Portland Church Fights a Worker Center Activist’s Deportation—And a Broken Immigration System

Kevin Solari

Immigrant rights activists demand an end to deportations at a 2007 rally in Minnesota. (pigstyave / Flickr)

Pres­i­dent Oba­ma has punt­ed fix­ing our immi­gra­tion sys­tem until after the midterm elec­tions, but fam­i­lies con­tin­ue suf­fer­ing under it. On Sep­tem­ber 30, Augus­tana Evan­gel­i­cal Luther­an Church of Port­land, Ore­gon, host­ed a ser­vice to show sup­port for labor activist Fran­cis­co Aguirre. Aguirre has been resid­ing in the church since Sep­tem­ber 19 after Immi­gra­tion and Cus­toms Enforce­ment (ICE) offi­cials showed up at his door.

Aguirre has received wide­spread com­mu­ni­ty sup­port. Accord­ing to The Ore­gon­ian:

More than a week after Aguirre began liv­ing in a pri­vate room in the church base­ment, rep­re­sen­ta­tives from mul­ti­ple orga­ni­za­tions and offices announced their sup­port for Aguirre at Tues­day’s inter­faith service. 

Port­land City Com­mis­sion­er Nick Fish said the City Coun­cil stood in sol­i­dar­i­ty with Aguirre. Last week, Port­land May­or Char­lie Hales also announced his support.

Oth­er sup­port­ers sang songs and said they were pray­ing for Aguir­re’s appli­ca­tion for a U Visa — a non­im­mi­grant visa for vic­tims of seri­ous crimes — to be approved.

Aguirre is active in the VOZ Worker’s Rights Edu­ca­tion Project. The orga­ni­za­tion is a work­er-led orga­ni­za­tion that empow­ers immi­grants and day labor­ers to gain con­trol over their work­ing con­di­tions through lead­er­ship devel­op­ment, orga­niz­ing and com­mu­ni­ty education.”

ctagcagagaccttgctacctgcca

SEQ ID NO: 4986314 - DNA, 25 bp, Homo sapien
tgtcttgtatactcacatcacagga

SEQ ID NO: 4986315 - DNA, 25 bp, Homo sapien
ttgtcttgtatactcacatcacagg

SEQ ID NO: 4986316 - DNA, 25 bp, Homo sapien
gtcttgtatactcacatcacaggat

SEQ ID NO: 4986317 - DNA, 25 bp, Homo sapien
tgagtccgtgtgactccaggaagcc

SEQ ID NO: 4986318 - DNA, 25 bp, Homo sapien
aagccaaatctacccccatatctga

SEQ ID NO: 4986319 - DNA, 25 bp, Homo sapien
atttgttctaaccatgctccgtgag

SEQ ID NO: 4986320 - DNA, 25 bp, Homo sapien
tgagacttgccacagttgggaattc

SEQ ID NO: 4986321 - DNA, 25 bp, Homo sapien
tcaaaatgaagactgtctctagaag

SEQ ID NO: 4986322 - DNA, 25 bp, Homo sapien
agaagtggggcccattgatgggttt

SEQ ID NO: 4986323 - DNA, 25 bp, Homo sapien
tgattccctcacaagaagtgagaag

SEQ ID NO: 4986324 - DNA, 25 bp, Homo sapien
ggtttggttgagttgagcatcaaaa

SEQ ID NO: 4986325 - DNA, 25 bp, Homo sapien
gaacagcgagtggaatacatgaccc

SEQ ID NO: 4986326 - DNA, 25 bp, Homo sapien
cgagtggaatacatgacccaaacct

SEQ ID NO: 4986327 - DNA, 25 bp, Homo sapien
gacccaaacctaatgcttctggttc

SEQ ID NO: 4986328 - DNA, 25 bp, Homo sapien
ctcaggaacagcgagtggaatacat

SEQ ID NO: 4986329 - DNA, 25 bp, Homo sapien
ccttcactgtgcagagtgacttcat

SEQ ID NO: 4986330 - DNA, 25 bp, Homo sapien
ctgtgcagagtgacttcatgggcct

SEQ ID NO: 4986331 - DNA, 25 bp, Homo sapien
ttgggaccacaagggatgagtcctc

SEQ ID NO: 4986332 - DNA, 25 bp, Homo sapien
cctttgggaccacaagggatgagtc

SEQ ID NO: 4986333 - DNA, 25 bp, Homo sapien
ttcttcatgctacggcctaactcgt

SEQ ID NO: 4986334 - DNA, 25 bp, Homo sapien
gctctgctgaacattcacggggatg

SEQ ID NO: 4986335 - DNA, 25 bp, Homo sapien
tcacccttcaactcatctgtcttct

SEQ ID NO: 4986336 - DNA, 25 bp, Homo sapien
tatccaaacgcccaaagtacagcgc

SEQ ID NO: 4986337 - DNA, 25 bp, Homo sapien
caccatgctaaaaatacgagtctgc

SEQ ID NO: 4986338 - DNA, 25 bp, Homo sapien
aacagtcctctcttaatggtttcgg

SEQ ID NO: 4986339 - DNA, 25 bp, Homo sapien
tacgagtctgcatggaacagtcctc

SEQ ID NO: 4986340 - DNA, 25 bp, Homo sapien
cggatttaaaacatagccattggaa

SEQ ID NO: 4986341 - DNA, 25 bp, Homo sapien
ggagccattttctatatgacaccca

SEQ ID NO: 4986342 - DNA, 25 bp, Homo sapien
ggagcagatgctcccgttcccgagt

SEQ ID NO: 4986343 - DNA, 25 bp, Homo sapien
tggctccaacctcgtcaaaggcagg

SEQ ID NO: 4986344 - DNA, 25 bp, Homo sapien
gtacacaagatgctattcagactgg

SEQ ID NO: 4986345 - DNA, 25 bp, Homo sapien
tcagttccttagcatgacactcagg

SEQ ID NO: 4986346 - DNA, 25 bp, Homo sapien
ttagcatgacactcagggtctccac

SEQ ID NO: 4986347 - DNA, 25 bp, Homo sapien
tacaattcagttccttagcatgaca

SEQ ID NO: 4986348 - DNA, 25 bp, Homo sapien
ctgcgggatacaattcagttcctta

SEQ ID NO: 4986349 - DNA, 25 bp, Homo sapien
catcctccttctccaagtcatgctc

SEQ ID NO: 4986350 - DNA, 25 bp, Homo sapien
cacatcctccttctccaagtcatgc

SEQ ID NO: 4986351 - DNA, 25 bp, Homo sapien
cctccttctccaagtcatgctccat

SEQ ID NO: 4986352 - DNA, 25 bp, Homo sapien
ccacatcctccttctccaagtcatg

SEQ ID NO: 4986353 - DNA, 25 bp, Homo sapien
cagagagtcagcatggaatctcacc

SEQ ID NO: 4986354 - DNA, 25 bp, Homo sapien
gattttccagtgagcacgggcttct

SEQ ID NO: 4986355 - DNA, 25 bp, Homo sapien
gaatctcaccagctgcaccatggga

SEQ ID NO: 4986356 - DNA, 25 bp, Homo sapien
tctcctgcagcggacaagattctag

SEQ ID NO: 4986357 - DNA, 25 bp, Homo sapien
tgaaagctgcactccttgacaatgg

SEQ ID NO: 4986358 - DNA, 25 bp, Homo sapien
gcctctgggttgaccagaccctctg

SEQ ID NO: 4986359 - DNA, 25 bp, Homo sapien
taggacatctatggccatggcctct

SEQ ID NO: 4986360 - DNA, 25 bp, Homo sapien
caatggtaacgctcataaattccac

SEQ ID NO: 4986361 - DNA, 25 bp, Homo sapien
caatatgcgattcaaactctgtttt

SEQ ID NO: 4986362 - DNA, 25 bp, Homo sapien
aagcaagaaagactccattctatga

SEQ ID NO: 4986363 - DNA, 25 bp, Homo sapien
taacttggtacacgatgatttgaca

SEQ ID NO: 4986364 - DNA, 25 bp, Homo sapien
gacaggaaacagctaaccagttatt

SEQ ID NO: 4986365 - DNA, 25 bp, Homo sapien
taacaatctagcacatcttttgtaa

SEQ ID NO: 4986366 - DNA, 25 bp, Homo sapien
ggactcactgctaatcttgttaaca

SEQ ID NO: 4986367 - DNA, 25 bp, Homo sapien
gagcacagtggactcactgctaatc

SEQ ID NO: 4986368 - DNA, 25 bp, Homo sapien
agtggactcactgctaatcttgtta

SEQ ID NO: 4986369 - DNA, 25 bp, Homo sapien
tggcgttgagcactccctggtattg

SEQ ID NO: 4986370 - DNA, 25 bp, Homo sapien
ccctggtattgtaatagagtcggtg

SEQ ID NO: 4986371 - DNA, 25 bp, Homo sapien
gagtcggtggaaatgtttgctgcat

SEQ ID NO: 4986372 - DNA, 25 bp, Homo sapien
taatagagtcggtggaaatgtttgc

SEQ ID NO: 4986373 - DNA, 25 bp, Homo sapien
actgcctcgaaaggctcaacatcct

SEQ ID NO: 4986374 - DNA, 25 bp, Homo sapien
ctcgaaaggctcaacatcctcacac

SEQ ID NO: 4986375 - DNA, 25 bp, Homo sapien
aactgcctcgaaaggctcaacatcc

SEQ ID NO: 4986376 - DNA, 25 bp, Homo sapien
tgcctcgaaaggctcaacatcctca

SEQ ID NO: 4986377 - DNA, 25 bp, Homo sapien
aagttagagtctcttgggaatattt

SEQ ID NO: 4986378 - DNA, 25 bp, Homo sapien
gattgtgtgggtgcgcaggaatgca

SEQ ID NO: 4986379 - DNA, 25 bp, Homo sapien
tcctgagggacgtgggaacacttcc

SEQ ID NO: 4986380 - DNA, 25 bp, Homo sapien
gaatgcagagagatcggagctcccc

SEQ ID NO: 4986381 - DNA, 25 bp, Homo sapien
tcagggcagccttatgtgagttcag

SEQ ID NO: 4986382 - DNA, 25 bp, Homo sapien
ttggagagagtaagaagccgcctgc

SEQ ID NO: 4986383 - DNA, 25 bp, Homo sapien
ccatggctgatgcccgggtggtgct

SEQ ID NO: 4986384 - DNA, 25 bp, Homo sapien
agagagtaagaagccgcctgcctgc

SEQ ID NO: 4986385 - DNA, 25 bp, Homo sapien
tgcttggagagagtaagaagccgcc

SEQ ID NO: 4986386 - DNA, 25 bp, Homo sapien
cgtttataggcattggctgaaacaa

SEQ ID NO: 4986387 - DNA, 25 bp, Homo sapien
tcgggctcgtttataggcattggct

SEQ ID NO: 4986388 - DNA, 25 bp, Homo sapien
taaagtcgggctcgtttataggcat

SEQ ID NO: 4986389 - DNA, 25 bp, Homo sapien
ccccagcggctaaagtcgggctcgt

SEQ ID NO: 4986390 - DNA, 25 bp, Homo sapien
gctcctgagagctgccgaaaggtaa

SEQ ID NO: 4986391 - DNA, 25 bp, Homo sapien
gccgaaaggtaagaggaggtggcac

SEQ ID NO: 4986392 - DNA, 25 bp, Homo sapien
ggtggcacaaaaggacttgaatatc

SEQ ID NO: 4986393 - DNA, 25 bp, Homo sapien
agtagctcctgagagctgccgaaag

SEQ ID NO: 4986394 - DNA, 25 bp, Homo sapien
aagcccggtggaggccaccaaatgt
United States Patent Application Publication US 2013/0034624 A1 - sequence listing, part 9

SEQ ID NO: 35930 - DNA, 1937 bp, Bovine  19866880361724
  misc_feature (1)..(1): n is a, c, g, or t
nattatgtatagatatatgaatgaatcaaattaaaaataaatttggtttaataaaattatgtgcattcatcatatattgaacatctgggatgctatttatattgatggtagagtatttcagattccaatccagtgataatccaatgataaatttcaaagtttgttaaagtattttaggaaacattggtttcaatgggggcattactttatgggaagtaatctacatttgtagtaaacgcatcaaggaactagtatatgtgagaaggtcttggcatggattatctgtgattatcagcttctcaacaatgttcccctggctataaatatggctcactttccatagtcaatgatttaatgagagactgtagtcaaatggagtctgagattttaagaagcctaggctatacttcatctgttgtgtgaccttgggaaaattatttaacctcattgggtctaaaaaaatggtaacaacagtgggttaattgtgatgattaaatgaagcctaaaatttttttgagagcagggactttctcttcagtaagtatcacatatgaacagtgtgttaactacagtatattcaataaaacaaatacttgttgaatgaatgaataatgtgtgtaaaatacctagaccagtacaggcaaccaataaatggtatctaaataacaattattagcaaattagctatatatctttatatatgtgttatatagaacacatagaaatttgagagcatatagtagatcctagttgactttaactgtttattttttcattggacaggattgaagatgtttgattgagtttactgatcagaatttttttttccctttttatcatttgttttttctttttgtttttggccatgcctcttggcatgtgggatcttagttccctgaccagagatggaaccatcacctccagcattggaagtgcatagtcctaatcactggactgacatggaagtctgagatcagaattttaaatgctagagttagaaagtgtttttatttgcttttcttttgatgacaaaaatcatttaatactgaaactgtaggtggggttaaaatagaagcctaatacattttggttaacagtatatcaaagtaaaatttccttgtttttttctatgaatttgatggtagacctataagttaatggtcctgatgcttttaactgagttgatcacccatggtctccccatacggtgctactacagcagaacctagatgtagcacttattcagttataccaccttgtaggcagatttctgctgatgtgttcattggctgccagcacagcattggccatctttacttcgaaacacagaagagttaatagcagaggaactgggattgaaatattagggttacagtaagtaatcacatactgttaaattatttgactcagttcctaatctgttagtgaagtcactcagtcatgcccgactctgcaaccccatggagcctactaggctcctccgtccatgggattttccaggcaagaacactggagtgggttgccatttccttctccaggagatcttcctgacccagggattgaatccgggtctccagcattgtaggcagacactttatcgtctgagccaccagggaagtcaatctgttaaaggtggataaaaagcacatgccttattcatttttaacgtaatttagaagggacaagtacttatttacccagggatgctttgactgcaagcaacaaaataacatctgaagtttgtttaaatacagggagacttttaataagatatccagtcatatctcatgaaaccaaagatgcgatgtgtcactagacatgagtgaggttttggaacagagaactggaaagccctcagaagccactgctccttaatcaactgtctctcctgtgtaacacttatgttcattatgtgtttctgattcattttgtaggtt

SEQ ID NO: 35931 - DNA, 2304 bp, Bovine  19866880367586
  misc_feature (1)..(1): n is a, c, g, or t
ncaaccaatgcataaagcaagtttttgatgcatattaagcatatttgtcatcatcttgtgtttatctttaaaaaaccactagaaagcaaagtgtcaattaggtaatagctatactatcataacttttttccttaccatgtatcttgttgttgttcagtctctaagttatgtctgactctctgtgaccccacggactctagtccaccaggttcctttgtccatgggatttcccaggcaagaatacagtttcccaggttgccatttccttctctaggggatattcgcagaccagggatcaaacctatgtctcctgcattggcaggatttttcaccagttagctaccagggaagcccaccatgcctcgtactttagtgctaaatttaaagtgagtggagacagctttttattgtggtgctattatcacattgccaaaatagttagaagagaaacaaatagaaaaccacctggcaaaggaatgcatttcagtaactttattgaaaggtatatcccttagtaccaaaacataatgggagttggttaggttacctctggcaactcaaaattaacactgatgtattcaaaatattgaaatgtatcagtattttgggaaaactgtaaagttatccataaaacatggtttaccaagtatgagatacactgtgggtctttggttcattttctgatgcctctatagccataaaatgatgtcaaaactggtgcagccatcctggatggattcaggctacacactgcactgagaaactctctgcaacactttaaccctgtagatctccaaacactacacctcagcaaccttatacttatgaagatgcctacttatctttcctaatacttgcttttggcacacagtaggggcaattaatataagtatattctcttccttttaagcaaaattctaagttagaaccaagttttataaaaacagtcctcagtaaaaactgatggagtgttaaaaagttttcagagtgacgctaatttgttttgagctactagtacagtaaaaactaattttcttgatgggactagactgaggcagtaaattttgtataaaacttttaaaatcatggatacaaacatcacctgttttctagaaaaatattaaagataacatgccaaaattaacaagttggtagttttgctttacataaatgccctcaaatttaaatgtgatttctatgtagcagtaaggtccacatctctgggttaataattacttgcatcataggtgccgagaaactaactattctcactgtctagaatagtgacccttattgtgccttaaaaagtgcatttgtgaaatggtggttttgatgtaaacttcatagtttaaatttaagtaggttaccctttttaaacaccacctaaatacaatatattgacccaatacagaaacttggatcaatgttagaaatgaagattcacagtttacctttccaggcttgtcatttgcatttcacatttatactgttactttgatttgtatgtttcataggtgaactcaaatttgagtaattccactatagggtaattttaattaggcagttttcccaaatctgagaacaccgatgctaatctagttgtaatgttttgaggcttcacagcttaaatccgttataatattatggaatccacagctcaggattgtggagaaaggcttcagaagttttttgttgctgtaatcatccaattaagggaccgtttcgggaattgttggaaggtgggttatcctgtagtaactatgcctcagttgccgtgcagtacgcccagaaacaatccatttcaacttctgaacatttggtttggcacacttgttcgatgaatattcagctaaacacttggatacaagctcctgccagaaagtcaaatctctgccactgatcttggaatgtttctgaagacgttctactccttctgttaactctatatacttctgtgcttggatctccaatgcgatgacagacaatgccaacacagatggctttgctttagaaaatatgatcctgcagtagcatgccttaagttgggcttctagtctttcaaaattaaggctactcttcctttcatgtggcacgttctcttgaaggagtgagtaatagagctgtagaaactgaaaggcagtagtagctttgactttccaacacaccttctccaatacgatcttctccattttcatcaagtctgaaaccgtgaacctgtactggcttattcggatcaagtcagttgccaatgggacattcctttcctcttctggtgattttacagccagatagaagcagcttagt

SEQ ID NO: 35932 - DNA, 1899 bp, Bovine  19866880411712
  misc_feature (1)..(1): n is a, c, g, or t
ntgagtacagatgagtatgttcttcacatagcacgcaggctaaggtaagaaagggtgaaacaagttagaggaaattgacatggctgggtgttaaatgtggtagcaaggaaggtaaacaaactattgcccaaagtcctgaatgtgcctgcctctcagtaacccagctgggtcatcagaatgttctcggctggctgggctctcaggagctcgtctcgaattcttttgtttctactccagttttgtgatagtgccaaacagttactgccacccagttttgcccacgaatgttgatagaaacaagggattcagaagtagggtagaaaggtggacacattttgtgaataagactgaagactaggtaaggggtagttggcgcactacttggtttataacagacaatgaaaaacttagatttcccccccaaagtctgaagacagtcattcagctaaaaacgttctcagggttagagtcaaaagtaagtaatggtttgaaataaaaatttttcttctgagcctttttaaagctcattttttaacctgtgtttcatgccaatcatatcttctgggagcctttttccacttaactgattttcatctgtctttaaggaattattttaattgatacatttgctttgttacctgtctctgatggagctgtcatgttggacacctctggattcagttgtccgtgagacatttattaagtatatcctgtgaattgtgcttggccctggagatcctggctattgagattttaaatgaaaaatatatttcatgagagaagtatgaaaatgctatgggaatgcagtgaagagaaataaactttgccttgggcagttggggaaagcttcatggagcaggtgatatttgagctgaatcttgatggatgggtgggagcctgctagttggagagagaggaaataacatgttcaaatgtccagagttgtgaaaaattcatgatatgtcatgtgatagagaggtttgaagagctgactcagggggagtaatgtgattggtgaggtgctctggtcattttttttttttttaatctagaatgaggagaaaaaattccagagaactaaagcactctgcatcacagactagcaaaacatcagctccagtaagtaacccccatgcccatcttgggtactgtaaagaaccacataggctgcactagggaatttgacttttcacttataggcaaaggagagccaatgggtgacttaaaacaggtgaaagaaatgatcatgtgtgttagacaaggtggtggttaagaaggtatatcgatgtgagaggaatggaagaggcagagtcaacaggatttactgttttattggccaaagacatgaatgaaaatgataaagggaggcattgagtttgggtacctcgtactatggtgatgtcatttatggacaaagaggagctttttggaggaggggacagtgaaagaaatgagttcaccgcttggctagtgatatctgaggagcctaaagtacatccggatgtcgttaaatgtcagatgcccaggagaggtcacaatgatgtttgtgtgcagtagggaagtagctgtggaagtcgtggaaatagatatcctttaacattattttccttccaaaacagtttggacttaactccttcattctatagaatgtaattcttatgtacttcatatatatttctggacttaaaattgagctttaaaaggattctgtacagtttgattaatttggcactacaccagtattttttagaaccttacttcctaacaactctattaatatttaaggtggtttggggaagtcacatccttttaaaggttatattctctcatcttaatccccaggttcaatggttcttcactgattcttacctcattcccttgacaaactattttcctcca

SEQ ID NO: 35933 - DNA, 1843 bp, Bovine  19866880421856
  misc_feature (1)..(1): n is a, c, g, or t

Dur­ing his speech at Tuesday’s ral­ly, Aguirre described his expe­ri­ences work­ing as a day labor­er when he first came to the U.S. In one instance, he was hired to trim trees and broke his arm. His employ­er drove him to the hos­pi­tal and left him there, pay­ing nei­ther the hos­pi­tal nor Aguirre.

At that moment I decid­ed that I should learn about the laws of this coun­try,” Aguirre said on Tues­day. I decid­ed that I want to learn about work­ers’ rights… I became a human rights pro­mot­er and I start­ed help­ing my community.”

Aguirre has been liv­ing in Amer­i­ca for near­ly 20 years, except for a brief depor­ta­tion back to El Sal­vador in 2000, fol­low­ing an arrest for drug trafficking.

I’m part of this com­mu­ni­ty,” Aguirre said short­ly after his sanc­tu­ary began. This is where I belong, and this is where I want to stay.”

Kevin is an edu­ca­tor and free­lance writer in Chica­go. Fol­low him on Twit­ter at @kevinsolari_.
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